Tag Archives: Times Square

TheThreat of a Terror attack and its Psychological Impact

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Yesterday ISIS came out with a video warning of an impending attack in New York.  A few days earlier in Washington, D.C.  No one in Paris will ever again doubt the threat of an ISIS attack until the organization is destroyed.  Part of the threat on New York is specifically aimed at Times Square.  Although one expert says the specific warning might indicate that there actually are not any sleeper cells in New York since no place that has been attacked received such a specific warning, I’d still be pleasantly surprised if a camera shot of Times Square this Friday or Saturday night would show crowds as large as what we are accustomed to seeing.  Terror cell or not, the threat is out there, and that scares people.

It should go without saying that an actual attack is far worse than a threat.  The devastation caused by last weeks loss of life and innocent people injured in Paris is as bad as it gets.  That doesn’t mean ISIS doesn’t have other ways of attacking us. Displaying an evil cleverness unlike any previous terrorist organization, it would hardly be surprising if ISIS was actually cashing in their psychological chips and using the threats purely as a way of damaging the morale and economy of people in western countries, particularly the United States.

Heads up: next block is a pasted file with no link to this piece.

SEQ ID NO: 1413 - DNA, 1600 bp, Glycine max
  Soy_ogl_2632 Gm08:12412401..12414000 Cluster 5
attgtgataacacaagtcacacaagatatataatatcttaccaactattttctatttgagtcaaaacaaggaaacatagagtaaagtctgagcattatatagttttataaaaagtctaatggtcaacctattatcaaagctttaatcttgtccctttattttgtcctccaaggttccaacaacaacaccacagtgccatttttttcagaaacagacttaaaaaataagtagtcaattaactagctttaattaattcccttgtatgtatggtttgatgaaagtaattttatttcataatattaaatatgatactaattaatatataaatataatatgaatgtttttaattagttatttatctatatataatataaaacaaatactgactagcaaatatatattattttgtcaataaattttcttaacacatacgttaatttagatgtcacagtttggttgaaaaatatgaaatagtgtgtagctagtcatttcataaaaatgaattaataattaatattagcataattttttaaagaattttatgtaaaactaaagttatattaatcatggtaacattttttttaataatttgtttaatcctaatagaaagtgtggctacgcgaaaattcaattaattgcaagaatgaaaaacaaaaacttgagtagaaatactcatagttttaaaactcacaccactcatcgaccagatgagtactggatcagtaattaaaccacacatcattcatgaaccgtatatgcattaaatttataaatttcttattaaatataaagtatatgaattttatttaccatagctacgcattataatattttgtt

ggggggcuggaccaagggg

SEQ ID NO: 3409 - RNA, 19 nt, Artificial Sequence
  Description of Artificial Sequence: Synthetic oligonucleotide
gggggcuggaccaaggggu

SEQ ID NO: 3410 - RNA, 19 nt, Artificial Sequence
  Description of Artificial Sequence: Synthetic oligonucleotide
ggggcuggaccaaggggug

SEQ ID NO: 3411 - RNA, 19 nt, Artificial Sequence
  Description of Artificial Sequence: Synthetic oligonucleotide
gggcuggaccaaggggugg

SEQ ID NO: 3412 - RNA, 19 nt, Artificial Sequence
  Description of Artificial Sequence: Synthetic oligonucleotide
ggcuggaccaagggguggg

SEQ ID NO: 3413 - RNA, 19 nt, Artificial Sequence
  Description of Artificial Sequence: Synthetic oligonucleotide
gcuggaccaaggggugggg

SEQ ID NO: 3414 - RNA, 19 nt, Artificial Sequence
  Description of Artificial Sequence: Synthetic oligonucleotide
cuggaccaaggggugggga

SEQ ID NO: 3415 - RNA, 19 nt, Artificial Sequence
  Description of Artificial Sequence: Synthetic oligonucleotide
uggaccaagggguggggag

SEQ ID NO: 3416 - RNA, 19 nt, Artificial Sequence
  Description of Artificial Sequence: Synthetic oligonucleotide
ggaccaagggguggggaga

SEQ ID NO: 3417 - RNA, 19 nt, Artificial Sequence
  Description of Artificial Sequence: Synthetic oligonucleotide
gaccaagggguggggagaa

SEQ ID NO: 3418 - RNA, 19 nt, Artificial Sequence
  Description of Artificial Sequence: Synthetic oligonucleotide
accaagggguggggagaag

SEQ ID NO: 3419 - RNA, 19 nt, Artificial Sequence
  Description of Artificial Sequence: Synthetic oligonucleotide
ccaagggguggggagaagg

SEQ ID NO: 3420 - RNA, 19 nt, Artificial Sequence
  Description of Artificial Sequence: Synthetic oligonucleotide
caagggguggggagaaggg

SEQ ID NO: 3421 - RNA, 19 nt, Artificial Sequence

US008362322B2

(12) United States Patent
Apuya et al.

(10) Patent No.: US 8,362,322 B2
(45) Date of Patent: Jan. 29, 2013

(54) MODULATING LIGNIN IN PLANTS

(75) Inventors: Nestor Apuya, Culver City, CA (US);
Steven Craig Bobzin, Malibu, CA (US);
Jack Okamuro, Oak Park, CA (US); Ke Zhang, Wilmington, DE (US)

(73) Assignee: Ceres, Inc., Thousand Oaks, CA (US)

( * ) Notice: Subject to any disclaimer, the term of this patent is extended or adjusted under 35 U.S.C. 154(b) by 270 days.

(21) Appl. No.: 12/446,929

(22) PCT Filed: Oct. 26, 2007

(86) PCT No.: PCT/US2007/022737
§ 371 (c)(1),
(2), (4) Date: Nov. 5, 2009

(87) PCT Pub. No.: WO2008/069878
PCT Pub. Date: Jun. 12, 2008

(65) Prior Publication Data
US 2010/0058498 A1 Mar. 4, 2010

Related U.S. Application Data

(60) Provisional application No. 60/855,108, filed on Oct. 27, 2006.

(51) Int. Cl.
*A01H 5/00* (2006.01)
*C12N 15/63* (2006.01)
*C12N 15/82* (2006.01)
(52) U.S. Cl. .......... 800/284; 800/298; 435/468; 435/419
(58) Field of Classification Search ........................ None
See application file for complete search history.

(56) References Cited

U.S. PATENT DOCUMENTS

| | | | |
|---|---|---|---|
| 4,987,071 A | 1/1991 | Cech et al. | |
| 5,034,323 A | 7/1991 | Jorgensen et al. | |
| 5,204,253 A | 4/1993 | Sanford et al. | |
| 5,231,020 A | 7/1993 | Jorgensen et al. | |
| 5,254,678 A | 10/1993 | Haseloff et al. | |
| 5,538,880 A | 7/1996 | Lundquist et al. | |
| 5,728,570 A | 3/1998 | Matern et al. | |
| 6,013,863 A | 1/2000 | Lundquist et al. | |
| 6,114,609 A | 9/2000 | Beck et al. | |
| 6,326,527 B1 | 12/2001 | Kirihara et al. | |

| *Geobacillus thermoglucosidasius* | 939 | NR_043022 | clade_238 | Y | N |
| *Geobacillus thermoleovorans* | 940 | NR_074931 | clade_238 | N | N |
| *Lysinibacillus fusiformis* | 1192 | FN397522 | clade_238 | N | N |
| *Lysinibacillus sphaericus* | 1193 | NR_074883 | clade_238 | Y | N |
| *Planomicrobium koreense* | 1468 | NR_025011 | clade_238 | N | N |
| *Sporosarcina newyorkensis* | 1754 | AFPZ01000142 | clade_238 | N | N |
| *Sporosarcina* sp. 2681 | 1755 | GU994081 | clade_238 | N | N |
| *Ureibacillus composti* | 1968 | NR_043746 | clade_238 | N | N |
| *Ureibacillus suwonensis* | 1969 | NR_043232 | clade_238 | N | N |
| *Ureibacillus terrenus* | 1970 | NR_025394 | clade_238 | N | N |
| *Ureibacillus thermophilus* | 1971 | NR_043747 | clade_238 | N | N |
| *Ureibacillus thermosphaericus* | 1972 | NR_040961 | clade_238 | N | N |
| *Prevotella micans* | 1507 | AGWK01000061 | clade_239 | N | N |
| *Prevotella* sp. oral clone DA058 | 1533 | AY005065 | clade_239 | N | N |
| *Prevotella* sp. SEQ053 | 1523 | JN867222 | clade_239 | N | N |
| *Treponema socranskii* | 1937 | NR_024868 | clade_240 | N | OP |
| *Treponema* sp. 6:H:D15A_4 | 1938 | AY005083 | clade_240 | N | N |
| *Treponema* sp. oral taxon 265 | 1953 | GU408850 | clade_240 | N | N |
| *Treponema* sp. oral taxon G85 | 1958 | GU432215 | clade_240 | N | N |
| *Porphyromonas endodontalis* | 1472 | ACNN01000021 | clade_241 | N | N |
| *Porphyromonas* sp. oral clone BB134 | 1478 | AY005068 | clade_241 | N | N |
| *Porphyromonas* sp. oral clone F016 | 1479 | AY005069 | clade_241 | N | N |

Americans by and large are a tough people.  I think there will still be crowds of people at Times Square in the coming weeks, but I also believe that some damage will most likely be done just from the threats put out there.  If the nations of the world show a strong resolve and display an indignant attitude towards the threats, then at least we’ve won one of the battles.  Of course that’s easy for me to say, since I may or may not be at Times Square this weekend.  I’ll let you know on Monday.

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Is it Racist to Attack Islam?

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It’s an important and relevant question.  I could start by saying Islam is a religion and ideology rather than a race, but in discussing this point that’s merely semantics.  To properly discuss this issue its critical to start from an honest premise, which means asking the right question.  In this case the question to ask may not be whether or not attacking Islam is racist as much as whether or not attacking it is actually justified?

Let’s begin by looking at the definition of racism. racism: the belief that all members of each race possess characteristics or abilities specific to that race, especially so as to distinguish it as inferior or superior to another race or races.  This already presents a question.  In a situation where you identify a problem that is prevalent within a group of people, are you saying that all members of that race possess those characteristics or abilities specific to that race.  Comments like Jews are good with money or blacks are better athletes, may not be  bigoted, but in the way they specifically claim these qualities exist in these groups, they might be construed as racist.  This in itself could be a long discussion and quite frankly is mostly irrelevant in this discussion, because the attacks on Islam of which I am referring to are highly indicting and provocative, even if they may be true.